UN plans tax on carbon dioxide emission
The United Nations has proposed tax on carbon dioxide emissions in developed countries and currency transaction tax to raise 400 billion US dollars annually for development needs.
Rob Vos, lead author of “World Economic and Social Survey 2012: In Search of New Development Finance’’, said this at a press conference at the UN Headquarters in New York.
He said the proposal was part of series of financial mechanism to help the organisation.
According to him, these measures will yield substantial revenues of 250 billion dollars, 40 billion dollars and 71 billion dollars per year, respectively, for international co-operation.
“Such taxes also make economic sense, as they help stimulate green growth and mitigate financial market instability. In short, such new financing mechanisms will help donor-countries overcome their record of broken promises to benefit the world at large,” says Rob Vos who serves as the Director of Department of Economic and Social Affairs- DESA’s Development Policy and Analysis Division.
He said that DESA, a Financial Transaction Tax (FTT), would also help to reduce the profitability, and thus the volume, of computer-operated high-frequency trades which he said could be disruptive to equity markets.
The author said that the tax would not be felt by non-financial customers and would fall on a sector that was not heavily taxed already.
Vos said that the financial mechanism became necessary as many donor-countries have cut back their assistance funding due to the global economic crisis.
In his words, “Donor-countries have fallen well short of their aid commitments, and development assistance declined last year because of budget cuts, thus increasing the shortfall to 167 billion dollars. Although donors must meet their commitments, it is time to look for other ways to find resources to finance development needs and address growing global challenges, such as combating climate change. We are suggesting various ways to tap resources through international mechanisms, such as co-ordinate taxes on carbon emissions, air traffic, and financial and currency transactions”.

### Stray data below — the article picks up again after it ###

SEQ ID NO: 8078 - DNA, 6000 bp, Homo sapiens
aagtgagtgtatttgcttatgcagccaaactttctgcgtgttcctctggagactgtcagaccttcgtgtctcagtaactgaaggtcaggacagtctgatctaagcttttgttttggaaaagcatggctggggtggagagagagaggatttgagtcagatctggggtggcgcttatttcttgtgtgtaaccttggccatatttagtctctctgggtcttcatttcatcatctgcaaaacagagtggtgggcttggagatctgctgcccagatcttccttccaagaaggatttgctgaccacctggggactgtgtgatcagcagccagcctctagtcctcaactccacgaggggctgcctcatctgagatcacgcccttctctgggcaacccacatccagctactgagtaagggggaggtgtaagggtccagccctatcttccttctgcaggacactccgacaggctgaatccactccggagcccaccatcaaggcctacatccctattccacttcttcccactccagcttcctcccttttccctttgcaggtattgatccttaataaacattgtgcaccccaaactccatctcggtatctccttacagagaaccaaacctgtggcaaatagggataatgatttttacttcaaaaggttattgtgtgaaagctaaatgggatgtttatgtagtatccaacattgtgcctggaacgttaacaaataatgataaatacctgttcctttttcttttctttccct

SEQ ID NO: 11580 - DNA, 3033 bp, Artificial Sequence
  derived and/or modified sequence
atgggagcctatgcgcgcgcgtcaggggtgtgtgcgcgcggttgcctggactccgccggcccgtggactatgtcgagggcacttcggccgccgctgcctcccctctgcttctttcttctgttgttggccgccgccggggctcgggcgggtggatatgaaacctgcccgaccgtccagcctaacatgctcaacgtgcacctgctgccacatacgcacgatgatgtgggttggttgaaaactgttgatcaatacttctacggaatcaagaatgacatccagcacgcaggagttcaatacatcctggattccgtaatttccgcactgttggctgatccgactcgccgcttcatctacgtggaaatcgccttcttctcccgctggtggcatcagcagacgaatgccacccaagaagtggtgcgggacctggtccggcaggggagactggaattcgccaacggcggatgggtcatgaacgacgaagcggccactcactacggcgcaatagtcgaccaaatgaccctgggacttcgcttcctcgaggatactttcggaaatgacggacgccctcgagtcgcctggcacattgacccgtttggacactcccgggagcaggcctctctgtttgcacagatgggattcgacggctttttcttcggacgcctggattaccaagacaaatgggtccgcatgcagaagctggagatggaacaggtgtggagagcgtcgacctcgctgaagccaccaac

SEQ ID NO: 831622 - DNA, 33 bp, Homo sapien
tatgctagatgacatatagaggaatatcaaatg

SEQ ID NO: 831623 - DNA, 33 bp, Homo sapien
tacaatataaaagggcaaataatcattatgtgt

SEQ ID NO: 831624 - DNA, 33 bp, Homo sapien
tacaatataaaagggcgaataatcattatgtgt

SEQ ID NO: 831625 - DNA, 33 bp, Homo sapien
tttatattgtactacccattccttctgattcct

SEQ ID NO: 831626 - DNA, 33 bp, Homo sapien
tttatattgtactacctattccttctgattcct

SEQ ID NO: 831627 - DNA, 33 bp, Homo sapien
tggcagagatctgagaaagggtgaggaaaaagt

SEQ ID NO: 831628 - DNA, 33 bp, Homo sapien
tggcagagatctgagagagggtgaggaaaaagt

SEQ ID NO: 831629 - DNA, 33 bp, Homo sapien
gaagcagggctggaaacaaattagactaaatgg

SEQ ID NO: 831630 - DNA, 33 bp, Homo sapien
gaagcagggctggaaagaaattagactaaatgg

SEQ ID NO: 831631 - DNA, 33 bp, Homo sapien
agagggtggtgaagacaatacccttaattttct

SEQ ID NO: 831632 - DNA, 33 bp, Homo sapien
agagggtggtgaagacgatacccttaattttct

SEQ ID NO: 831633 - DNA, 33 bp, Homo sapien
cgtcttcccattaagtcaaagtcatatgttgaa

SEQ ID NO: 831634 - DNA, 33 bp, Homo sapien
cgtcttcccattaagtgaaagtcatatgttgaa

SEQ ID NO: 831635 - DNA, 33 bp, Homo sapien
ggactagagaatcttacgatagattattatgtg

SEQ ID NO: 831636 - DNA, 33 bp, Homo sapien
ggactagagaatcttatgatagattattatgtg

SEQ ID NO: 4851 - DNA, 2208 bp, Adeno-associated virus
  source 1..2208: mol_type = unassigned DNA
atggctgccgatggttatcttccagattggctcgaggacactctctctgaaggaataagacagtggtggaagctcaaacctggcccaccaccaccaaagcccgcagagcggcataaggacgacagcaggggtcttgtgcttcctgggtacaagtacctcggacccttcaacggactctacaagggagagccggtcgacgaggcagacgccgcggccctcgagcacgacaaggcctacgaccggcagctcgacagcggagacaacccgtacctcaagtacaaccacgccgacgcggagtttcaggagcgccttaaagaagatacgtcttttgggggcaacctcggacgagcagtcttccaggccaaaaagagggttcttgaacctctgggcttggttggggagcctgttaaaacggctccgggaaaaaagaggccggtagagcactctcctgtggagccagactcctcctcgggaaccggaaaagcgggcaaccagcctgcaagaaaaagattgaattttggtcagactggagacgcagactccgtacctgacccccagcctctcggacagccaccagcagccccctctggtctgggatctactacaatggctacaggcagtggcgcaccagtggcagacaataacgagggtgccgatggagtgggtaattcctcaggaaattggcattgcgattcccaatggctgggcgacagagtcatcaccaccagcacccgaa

Vos stated that the global body found out that development aid declined in real terms in 2011, thus highlighting the need for additional and more predictable financing from new sources.
He explained that while existing initiatives to fund programmes in the developing world have been successful, there was need to scale up or replicate them.
Vos said this was too limited to meet the needs for developments financing in the next coming decades, emphasizing that new funding sources needed to be tapped into.
“The FTT is a progressive tax in as much as poor people engage in relatively few transactions with financial institutions and the rich engage in many,” DESA stated in a briefing note on the potential of FTTs.
“Financial and currency transaction taxes are technically feasible and economically sensible. They could readily provide the means of meeting global development financing needs,”he said.
According to him, the current financing resources in many low-income countries have focused on allocating funds to fight specific diseases such as HIV, tuberculosis and malaria.